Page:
On car seat safety I almost ALWAYS speak up. Even if it is a stranger. If I have observed someone doing something unsafe, then I speak up.

    Now, if I'm walking through wal-mart & see a baby in a bucket w/ loose straps I won't say anything, because I never know if they just loosened them in the store or if they actually drive like that.

    But, if I see a seat inproperly installed, used incorrectly, or not in use I either say something or call 911 & report it.

    (even going so far as to trail someone so that the cops had a better chance of catching them)

    I'm not pro-government as far as them being able to tell us how to raise our kids, but I think if anybody is allowed to HAVE a baby, then there should be a certain amount of gov't intervention in keeping those babies safe…car seat laws are ones I cannot STAND to see broken, because those babies can't do anything for themselves & their parents ignorance or defiance (either not knowing and making a mistake or being educated and choosing the less safe options) is not fair to the children who will be put at risk.

  5. I think the car seat thing I'd speak up, or anything really life threatening. But anything less important I'd probably not say anything. I'd text a friend and say “You would NOT believe what I just saw!!” But I wouldn't say anything directly, lol!

    I have an older relative that drove me nuts with “oh, you're still breastfeeding?” (a SIX MONTH old, thank you.) “Boy, you sure do carry him a lot, do you ever put him down?” etc. and I would hate to be that person to someone else…

    And I have to say, my then 2yr old had pop tarts, I am guilty of that, lol! So it just goes to show that with things like that each person has their own ideas of right and wrong.

  6. Just read the other comments–to me unless its a dangerous food to be feeding a child, I would NEVER say something about what a kid was eating/drinking.

    Sure, Pop Tarts & soda might seem wrong to you, BUT, you might not know that that kid has low blood sugar or eats so few calories in a day that ANY fat that can be added to his diet is good for him. So, on things where it could be misinterpreted I keep my mouth shut.

    My son has severe food issues and I have definitely included half a Pop-Tart as part of his breakfast on a regular basis…but its FOOD and he would otherwise not eat, so yea, I'd rather he have the processed JUNK in PTs than nothing at all…. you know? And if you just happen to see the Pop Tart on his plate in a FB picture or in his hand walking through Wal-Mart, you won't know our story.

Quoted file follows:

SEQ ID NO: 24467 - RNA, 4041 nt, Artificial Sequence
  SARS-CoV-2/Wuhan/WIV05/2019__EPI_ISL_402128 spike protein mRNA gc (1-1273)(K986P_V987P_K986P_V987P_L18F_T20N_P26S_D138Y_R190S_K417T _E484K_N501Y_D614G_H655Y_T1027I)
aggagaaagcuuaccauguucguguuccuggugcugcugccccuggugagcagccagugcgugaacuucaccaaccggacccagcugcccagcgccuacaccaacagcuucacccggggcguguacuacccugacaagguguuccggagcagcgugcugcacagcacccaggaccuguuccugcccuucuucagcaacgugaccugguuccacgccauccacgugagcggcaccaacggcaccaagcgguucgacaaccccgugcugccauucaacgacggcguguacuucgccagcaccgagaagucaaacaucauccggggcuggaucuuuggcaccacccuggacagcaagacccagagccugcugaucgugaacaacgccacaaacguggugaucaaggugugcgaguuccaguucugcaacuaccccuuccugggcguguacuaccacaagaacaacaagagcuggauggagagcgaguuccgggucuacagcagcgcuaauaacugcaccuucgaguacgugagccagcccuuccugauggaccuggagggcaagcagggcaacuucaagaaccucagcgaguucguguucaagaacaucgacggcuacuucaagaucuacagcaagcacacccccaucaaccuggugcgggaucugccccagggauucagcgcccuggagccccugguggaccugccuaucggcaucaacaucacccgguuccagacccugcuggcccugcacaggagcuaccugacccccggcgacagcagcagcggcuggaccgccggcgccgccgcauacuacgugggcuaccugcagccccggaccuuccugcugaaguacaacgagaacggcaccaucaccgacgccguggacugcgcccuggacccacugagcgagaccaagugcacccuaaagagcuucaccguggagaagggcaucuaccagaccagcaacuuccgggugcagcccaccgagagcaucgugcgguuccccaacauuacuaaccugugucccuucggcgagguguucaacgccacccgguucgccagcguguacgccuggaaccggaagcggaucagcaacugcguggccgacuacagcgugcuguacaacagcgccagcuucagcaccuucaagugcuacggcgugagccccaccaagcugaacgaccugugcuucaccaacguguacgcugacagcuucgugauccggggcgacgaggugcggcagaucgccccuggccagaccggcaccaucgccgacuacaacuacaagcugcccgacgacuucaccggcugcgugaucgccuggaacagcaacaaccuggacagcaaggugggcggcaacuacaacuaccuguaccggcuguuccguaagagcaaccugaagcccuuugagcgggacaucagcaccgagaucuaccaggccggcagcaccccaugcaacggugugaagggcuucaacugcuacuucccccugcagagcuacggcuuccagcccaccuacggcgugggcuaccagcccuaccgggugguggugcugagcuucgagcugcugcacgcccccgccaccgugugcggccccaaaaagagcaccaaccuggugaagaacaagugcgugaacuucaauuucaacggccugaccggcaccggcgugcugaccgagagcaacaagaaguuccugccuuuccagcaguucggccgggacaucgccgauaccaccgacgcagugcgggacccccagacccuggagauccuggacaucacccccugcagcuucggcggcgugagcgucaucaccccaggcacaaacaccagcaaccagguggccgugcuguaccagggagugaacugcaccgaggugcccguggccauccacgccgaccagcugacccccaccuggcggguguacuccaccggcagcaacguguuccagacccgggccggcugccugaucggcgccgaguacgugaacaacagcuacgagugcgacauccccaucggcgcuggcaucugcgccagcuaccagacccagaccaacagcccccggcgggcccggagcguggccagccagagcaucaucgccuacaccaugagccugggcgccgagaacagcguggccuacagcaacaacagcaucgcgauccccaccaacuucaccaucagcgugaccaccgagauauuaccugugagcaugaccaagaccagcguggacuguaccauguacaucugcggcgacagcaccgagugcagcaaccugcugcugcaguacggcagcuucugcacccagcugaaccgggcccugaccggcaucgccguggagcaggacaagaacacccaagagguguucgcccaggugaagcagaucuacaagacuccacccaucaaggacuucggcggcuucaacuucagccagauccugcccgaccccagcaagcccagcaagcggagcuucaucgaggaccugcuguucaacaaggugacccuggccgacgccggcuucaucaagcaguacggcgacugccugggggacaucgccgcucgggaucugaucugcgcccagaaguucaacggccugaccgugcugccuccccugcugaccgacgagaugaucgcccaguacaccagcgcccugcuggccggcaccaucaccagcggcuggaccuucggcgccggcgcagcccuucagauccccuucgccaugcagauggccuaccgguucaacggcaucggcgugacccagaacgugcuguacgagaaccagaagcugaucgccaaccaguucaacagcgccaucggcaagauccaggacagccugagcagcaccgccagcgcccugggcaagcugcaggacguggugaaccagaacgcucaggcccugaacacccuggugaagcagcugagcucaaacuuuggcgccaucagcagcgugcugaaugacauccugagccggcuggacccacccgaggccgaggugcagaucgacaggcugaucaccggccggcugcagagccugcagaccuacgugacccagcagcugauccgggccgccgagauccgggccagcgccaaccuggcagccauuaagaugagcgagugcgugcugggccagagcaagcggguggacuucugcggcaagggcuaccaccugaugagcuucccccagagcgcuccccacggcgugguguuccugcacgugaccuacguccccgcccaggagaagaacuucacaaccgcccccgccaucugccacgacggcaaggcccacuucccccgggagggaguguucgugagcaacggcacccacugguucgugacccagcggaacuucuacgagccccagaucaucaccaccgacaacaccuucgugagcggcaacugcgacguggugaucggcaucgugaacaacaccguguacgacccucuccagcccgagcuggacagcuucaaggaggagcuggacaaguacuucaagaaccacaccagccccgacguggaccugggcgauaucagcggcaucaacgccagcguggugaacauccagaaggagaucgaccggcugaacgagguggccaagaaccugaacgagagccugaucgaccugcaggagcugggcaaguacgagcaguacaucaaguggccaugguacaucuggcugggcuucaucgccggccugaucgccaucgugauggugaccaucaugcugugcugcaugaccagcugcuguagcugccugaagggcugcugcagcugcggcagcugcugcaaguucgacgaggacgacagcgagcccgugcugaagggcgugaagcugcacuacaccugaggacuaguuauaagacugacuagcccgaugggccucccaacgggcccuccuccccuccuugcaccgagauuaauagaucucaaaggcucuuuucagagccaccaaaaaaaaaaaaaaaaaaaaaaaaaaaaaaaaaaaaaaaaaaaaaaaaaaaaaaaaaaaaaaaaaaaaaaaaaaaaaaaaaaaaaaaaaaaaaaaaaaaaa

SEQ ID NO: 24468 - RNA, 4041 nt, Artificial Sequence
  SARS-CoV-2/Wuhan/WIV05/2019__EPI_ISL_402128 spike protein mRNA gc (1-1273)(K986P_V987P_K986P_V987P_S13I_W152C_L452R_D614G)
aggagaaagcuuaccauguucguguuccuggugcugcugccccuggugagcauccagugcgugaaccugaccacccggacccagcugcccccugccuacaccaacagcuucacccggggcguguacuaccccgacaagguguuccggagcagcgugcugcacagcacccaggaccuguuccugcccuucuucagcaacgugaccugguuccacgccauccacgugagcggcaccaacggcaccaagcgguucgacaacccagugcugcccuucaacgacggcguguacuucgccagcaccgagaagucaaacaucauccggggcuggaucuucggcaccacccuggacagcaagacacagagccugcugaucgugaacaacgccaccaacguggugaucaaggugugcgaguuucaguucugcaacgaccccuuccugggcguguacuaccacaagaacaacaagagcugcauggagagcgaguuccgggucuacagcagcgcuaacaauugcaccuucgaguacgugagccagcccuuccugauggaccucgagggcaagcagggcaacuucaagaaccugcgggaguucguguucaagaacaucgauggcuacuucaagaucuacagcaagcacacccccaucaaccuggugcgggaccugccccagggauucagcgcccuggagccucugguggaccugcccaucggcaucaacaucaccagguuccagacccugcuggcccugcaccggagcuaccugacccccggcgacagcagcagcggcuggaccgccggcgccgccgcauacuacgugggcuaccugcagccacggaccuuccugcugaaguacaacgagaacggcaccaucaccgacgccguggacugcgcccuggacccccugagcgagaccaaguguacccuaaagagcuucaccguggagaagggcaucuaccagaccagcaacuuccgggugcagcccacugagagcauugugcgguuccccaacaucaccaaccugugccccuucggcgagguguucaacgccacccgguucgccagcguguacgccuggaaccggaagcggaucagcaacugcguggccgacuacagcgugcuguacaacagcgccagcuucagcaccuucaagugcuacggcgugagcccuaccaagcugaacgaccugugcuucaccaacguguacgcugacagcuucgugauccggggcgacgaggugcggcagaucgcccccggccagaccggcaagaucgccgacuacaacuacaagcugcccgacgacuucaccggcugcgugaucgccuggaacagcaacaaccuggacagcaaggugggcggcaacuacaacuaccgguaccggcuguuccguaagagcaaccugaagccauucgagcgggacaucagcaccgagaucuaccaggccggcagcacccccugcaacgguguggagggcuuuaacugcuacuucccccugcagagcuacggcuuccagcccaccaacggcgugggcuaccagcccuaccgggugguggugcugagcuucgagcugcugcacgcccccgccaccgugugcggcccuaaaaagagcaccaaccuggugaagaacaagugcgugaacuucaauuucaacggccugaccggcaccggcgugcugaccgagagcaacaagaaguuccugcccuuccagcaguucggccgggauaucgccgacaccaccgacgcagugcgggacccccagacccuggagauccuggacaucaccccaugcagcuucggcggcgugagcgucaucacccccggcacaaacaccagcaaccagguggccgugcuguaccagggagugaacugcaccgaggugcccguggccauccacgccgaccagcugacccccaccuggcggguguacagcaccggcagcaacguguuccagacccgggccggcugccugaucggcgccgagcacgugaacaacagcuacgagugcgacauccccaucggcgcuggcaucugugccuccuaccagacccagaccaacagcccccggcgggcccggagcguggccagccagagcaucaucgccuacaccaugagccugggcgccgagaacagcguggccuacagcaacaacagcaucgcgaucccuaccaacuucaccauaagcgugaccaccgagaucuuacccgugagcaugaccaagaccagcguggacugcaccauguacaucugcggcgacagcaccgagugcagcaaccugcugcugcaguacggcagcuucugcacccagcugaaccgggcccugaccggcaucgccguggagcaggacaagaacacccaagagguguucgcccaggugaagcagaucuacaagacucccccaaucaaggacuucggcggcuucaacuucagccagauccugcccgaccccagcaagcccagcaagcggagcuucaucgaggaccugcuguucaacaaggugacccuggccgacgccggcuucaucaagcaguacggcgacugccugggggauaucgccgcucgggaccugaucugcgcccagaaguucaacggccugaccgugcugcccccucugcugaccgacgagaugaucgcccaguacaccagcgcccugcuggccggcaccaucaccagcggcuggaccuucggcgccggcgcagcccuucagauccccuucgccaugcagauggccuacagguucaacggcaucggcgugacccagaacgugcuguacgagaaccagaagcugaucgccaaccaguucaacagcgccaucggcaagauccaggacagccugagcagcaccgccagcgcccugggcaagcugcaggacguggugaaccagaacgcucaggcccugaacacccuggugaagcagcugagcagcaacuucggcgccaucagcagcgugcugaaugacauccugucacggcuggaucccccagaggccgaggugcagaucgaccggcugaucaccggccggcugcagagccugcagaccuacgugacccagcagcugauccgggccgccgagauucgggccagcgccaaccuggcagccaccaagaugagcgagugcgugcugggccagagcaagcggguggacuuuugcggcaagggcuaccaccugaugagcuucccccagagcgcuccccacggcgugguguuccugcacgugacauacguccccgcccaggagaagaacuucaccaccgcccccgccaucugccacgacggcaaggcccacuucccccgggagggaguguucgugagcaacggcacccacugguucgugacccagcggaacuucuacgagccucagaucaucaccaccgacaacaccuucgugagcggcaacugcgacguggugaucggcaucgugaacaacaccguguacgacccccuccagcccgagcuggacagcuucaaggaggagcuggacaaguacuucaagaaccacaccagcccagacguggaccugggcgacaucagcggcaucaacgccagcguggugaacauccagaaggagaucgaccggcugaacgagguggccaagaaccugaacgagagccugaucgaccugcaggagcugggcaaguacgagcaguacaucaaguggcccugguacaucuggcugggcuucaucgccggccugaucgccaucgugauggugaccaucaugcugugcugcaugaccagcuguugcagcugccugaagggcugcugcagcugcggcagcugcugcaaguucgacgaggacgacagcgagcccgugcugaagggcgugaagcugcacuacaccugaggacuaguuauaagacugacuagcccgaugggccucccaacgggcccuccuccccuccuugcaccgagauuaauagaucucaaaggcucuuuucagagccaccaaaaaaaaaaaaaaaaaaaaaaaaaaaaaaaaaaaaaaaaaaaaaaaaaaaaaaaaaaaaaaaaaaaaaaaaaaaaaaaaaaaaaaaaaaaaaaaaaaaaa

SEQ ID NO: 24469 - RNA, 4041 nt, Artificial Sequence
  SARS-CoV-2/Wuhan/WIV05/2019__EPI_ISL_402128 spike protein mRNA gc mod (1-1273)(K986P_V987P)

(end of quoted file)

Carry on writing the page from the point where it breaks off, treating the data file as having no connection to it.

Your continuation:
As far as the boat/lifeguard did you really mean life guard or did you mean life jacket? I don't know that I've ever been boating & known there to be lifeguards present. Life jackets on a boat IMO are a must & I would not let my children participate or participate with others if anybody failed to wear a life jacket (even adults). My child does not go NEAR water without a life jacket on, bc I am TERRIBLY afraid of drowning.

    Age appropriate television I only monitor in my house on my t.v. If we are at someone else's house & my kid would be watching too, I'll either say something or leave. But if it is my house, I control the remote.

    Anyway, this is SUCH a touchy subject & each situation is going to be different.

  7. Some people have a touch of OCD and it really shows in these types of conversations. Trailing someone until the police come b/c of a loose seatbelt? Wow!

    I usually don't butt in but I also don't see much b/c I mind my own business. I don't even notice how people put their children in the car b/c I don't look in other folks cars.

    I just think that unless the child is in immediate danger (like about to hit by a car or something) I just keep my mouth shut.

    As far as on a boat and no life jacket, I would still keep shut. People know about life jackets and they know the danger in not wearing one so if they still choose not to wear one, well that's on them me saying something isn't going to change their minds.

    That's like going up to someone who smokes and telling them the dangers of smoking. They know the dangers, they just choose to ignore them.

    Same with obese people. I'm not going to tell someone “Hey you! Don't give your child that burger from McD.” They know they're obese but, still choose to eat there.

    Okay sorry to rant but, I just think people need to mind their business. Where are all these nosey folks when children get abused, kidnapped and such? No one sees anything then…probably too busy looking at a 2 yr old eating a poptart…sadly.

  8. tough call, but I might say something like, “omg, so you have your seat straps loose too? i used to do that and a police officer checked our car seats and told us they HAD to be tighter.” perhaps you could make something up like that. or maybe you have an actual story you could tell. just a way to tell the the SAFE way to do it without sounding pushy.